I feel like a dang fool! Sometimes, it seems like Americana/folk is the only music around—but that’s not completely true. I crunched the numbers from Hear, Here for the week of March 30-April 5 to gain a more factual, super-scientific understanding of the music scene.
I knew that DJ culture is important to Santa Fe, but this is nuts. Out of 130 shows in one week, 25 are DJ events. They run the gamut, from house and techno to rock and punk. You hate instruments, Santa Fe. The city has a multitude of talented local DJs but, at the same time, I find myself longing for a time when people wrote songs and practiced guitar in their rooms until their fingers bled. Either that, or I suck at dancing and girls don’t like me. Yeah, it’s probably the latter. If you’re looking for a good place to get into DJ culture, find any show that operates under the Team Everything banner, and you’ll be set.
Though there are technically far fewer Americana/folk events than DJ events, the genre is a close second in terms of weekly music options. Before I say anything else, I want to assure everyone that I do love the music. I just find myself overwhelmed by how many people are performing it locally and internationally. Suddenly, any asshole with an acoustic guitar who claims he’s always loved Woody Guthrie is worth our attention? I admit that Santa Fe has some of the finest Americana musicians I’ve seen anywhere; I just hope we don’t wind up sick of it for lack of other options. That said, Ben & Friends at Second Street Brewery’s Railyard location is a great chance to see amazing local Americana talent.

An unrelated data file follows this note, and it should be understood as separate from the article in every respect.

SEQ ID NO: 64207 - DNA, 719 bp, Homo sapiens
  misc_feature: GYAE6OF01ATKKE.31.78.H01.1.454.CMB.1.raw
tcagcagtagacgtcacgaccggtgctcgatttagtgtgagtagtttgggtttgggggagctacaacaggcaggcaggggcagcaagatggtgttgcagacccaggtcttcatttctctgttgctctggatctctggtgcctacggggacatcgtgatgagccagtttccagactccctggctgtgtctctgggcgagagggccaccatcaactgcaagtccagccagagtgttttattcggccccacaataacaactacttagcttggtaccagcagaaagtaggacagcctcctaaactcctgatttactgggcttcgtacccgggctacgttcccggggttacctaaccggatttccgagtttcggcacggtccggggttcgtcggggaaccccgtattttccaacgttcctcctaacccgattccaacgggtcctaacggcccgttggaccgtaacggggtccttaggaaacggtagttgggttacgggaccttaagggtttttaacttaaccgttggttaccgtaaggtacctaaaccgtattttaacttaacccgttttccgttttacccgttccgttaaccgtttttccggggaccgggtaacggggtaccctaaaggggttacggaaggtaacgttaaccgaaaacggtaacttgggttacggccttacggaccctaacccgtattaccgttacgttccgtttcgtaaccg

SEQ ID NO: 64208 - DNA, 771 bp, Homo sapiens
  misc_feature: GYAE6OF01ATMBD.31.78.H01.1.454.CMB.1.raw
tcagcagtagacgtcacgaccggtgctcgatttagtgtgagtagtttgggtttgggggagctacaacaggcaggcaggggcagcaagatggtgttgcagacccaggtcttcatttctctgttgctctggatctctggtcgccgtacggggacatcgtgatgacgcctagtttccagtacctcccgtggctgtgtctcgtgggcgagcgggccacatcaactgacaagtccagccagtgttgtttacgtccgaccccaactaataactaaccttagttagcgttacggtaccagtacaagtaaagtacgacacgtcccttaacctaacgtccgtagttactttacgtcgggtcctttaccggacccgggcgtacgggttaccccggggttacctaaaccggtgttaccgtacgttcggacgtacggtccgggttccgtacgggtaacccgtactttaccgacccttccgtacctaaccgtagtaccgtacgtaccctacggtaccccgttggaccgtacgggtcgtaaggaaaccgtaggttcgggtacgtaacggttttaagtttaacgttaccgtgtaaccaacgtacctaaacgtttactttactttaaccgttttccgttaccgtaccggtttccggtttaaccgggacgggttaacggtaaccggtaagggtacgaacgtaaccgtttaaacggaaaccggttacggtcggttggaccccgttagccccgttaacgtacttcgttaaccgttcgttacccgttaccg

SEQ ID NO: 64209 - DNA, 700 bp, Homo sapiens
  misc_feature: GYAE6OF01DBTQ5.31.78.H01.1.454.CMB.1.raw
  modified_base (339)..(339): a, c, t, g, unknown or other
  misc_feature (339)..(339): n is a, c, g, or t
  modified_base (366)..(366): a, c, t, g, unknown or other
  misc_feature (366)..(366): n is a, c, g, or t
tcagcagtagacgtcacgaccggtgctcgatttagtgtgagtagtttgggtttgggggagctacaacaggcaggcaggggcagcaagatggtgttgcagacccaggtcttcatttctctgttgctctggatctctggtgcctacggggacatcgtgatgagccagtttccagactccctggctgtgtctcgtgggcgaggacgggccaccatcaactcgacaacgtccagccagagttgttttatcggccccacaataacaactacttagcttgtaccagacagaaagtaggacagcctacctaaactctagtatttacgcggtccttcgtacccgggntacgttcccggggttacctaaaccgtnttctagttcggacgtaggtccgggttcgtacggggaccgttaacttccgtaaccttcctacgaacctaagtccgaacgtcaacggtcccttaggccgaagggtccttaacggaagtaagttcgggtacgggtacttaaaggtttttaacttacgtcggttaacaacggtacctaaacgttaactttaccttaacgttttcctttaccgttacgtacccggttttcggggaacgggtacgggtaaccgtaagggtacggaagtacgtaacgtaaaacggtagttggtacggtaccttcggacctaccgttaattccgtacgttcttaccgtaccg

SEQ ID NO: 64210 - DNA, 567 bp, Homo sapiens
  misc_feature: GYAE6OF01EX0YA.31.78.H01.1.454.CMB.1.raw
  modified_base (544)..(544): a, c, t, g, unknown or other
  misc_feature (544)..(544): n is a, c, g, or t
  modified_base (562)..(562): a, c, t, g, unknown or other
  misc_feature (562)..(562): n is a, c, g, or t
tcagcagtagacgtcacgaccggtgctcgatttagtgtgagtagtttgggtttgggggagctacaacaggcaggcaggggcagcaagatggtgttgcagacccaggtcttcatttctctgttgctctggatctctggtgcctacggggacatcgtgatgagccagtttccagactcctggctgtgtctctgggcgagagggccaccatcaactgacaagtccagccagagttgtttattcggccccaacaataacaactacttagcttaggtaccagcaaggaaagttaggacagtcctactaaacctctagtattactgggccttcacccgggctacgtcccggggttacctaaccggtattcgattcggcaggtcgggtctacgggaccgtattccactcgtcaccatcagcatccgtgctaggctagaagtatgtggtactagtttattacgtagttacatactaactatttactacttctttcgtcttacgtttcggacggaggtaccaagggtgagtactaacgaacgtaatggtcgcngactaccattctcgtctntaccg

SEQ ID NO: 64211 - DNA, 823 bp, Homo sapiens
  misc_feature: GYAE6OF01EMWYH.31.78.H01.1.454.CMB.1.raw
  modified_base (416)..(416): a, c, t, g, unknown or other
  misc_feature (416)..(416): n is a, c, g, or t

According to a recent Rolling Stone article, 2010 didn’t have a single hit rock song. This scares the shit out of me. I don’t care what anyone says, rock ’n’ roll, in its many incarnations, always has the best live shows, coolest album art and most-inspirational jams. Santa Fe seems to be following the national trend, as rock shows in a given week are few and far between. What are the kids going to do when all they have left is hip-hop? We’ll have a world full of jerks who go on and on about how they’re the best at everything and how shooting people for drugs is cool. I’m joking, so don’t write letters. I’m just saying that rock is the coolest, and I wish there were more options. For rock, I suggest saving the booze for later and checking Warehouse 21’s schedule. The shows are all-ages and you’d be surprised at the great rock the teen center brings to town.
That Latin music makes up a good chunk of local music events is no surprise. After all, America’s general idea of Santa Fe is a lawless desert town full of nothing but brown people. Whatever slightly racist picture the world has of our fair city, the folks behind these events consistently prove to have a deep reverence for the many Latin styles they play. From the hot-and-sweaty salsa events to the elitist and snobby world of tango, Santa Fe has no shortage of chances for women to dress up and dudes to creep on them. If this sounds like your thing, Café Mambo at The Ore House at Milagro is an oft-packed weekly party, and DJ Sofrito knows what he’s doing.
I don’t think I’ve met more than a handful of Santa Feans who don’t flip over reggae. Personally, I hate it. That is why the sparse offerings don’t bother me one bit. Sorry, everybody else. Maybe y’all should get into DJs. Actually, The Reggae Party at Corazón kills two birds with one stone, as DJs Dynamite Sol and Joe Ray Sandoval play the reggae you want to hear.